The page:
Friction can be a bad thing, or it can be a good thing. Excessive friction generated when two surfaces rub against one another could create excessive heat, and that could lead to heat-related damage or even a fire. But when it comes to walking, friction is generally a good thing. Without friction, our feet would slip forwards, backwards, or even to the side as they contact the floor while walking, making it almost impossible to stay upright.

When we walk, the brains of most able-bodied people will automatically anticipate the amount of friction that will be present when the soles of their shoes make contact with various walking surfaces, based on previous experiences walking on similar surfaces. Then, our brains will subconsciously adjust the speed, distance, force, and angle of our gait to the type of surface present. For example, think of the differences in your steps when you walk on a carpet versus when you walk across a polished marble floor. So, when there is an unexpected change in the amount of friction between the soles of our shoes and the surface we are walking on, a slip can unexpectedly occur, and that could result in a twisted ankle, sprained knee, or even a harmful fall.

So, here are some simple things we can do at work, or home, to help prevent slips caused by unexpected friction changes:

  • Take immediate action when you see any type of foreign material on the floor, especially liquids, food, dusts, or powders, as these could reduce friction when we step on them. Either clean up the material right away or take positive measures to warn others of their presence while you contact staff responsible for cleaning up such hazards.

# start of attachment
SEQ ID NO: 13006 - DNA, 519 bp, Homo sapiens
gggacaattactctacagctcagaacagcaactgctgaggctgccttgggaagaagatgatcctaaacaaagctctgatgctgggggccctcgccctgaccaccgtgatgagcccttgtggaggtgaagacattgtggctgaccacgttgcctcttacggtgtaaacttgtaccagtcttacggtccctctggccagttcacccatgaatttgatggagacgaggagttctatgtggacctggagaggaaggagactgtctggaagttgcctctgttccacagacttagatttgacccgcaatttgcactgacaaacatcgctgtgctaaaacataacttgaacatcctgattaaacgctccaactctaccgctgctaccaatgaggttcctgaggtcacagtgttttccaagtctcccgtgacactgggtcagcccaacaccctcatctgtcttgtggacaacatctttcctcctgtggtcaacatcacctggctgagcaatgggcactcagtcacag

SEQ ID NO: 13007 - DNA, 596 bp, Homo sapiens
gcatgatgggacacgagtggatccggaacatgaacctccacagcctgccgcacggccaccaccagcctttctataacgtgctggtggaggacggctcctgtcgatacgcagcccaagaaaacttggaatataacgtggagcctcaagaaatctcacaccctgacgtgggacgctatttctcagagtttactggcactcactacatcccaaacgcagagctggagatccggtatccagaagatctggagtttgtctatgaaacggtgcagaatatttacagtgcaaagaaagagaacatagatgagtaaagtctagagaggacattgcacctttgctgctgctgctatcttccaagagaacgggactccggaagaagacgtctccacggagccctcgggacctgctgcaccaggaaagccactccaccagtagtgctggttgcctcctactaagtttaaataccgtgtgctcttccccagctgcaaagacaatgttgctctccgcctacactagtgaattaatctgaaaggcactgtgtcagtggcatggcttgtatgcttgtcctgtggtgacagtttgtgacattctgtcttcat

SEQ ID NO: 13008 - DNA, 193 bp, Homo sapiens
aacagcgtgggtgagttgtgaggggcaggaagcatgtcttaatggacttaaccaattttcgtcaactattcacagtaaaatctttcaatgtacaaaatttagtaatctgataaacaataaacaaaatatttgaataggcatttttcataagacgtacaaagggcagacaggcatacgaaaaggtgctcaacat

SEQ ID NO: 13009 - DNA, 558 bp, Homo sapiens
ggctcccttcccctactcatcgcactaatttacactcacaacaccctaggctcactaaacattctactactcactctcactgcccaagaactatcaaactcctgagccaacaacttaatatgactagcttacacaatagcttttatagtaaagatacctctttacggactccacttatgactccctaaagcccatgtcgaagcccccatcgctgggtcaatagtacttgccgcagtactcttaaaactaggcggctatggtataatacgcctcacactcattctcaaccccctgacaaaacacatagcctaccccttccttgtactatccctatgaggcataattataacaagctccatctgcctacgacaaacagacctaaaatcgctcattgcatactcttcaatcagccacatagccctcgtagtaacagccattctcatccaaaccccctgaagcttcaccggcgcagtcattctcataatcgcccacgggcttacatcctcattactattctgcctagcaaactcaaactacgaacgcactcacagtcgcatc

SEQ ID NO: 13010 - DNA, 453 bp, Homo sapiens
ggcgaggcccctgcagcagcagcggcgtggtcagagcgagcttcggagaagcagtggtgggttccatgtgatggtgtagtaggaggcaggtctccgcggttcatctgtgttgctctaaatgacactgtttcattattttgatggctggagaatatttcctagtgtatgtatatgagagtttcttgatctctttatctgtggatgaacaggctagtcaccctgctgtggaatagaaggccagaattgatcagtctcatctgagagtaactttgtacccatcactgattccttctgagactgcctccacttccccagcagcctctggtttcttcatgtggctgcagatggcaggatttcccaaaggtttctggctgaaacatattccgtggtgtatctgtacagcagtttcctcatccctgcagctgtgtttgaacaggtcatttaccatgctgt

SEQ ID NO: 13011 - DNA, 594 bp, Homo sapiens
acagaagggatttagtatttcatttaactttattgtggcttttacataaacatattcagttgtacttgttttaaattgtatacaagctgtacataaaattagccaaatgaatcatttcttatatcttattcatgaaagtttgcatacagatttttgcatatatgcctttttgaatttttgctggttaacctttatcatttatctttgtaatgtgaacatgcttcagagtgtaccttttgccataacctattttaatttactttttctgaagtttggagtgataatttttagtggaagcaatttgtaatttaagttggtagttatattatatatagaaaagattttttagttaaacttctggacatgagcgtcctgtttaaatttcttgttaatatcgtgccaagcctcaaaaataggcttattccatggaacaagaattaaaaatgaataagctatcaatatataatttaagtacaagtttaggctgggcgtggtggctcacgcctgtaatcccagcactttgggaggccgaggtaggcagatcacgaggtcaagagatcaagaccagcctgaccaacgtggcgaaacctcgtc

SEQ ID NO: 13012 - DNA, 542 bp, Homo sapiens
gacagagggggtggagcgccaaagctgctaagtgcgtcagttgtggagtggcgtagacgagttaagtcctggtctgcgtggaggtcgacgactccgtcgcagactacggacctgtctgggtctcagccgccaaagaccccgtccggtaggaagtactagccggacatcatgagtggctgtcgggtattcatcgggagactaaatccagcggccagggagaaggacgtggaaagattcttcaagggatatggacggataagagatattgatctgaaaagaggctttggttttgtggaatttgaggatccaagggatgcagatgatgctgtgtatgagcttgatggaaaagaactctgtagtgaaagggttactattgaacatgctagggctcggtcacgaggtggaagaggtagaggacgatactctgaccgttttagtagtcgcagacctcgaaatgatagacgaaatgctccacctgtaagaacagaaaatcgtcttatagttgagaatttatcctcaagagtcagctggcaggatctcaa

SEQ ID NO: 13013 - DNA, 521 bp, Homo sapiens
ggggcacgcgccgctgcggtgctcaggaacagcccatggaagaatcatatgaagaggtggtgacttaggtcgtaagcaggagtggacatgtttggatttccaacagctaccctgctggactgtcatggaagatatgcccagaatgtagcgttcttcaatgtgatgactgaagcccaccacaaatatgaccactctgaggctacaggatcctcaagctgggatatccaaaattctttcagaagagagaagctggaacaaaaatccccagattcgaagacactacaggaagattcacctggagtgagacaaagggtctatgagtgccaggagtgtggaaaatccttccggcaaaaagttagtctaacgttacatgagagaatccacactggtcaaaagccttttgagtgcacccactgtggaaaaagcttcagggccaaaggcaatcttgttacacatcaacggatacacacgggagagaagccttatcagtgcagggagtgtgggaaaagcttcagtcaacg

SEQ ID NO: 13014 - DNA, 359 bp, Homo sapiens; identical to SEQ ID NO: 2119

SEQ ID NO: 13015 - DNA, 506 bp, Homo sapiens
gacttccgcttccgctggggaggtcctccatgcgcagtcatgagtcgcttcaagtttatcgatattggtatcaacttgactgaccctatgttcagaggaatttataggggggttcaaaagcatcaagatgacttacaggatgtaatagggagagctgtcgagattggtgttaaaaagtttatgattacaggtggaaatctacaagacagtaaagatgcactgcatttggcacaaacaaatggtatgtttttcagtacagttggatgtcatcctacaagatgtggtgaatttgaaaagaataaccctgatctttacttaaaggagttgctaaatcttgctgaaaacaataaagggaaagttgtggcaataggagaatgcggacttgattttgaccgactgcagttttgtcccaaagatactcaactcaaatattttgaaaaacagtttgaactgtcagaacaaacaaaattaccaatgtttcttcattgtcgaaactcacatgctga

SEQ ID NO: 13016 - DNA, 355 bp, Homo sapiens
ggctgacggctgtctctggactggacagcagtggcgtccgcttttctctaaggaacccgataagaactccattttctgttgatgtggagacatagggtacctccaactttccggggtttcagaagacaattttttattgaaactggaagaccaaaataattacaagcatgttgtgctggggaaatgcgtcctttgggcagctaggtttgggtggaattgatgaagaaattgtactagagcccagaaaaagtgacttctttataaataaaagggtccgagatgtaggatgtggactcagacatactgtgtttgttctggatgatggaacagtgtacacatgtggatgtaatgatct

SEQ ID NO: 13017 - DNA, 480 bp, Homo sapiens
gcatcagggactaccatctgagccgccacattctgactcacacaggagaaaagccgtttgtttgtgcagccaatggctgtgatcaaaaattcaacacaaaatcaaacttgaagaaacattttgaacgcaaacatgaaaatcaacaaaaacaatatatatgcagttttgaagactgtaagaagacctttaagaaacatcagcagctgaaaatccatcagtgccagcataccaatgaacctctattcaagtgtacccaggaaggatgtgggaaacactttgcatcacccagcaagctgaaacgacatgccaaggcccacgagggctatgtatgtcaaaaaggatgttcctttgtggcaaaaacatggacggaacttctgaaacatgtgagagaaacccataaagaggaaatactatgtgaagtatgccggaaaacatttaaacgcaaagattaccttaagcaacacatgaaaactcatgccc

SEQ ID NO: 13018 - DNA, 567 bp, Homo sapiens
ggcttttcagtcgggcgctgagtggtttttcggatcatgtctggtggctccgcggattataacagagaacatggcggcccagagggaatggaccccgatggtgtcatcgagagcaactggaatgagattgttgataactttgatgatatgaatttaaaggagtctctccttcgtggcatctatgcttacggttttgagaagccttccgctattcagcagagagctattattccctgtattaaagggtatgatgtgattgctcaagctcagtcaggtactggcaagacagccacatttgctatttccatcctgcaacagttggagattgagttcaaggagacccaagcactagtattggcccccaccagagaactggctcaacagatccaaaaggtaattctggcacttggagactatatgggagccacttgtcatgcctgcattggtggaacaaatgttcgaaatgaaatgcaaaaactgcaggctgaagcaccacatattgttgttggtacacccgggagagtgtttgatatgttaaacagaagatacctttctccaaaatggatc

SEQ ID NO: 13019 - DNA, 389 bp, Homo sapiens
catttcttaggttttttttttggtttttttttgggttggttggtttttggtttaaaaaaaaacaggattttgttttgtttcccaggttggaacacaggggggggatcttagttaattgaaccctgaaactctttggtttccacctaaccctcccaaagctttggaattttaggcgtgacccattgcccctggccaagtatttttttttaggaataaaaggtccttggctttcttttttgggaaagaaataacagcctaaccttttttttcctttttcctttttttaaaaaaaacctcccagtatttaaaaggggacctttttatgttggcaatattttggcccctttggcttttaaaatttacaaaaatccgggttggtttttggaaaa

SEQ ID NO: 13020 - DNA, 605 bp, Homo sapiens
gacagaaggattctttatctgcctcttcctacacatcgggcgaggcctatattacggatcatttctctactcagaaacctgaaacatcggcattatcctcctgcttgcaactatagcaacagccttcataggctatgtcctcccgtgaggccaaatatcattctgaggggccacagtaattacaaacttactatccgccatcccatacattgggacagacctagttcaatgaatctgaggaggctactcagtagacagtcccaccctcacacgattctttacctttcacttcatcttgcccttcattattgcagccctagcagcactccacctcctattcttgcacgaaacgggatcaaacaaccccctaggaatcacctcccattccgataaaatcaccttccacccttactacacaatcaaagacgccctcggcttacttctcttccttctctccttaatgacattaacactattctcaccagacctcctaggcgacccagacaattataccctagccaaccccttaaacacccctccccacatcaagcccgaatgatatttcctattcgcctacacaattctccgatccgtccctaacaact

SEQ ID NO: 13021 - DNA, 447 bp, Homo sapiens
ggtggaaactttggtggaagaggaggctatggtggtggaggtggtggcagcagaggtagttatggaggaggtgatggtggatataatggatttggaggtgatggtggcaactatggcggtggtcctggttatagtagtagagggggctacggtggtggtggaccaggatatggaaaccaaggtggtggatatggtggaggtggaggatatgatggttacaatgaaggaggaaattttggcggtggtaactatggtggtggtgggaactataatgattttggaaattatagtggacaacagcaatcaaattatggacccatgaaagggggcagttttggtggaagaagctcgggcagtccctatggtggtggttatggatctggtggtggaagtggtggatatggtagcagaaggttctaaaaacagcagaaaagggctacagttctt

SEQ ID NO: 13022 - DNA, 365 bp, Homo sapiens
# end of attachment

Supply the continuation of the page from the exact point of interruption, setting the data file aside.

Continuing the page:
• Always make it a point to wipe your feet on mats or rugs that have been placed near exterior doorways and other passageways to collect excessive moisture from the soles of shoes or boots as we walk from a wet environment to a dry environment.
  • Pay attention to your surroundings – look where you are going when you walk and watch for slip and trip hazards.
  • Walk, don’t run or rush – give yourself enough time to get to your destination.
  • Do not engage in activities that distract your attention – do not read, write, or work while you are walking.
  • Check that your pathway is clear – stay on established walkways as much as possible and avoid taking shortcuts.
  • Consider the type of soles you have on shoes or boots when working in areas where there is reduced traction on the floor or walking surface. Many types of work shoes can be found that have non-slip soles.
  • Report any loose rugs or mats that seem to move or slide as you walk across them, as their non-skid backing may have become worn or loose.
  • Always use handrails every time you go up or down stairways, as they can help you maintain balance and avoid falling if you should happen to slip.
  • Always make a conscious effort to pay special attention where floor surfaces transition from one type of material to another, as changes in friction often occur at these areas.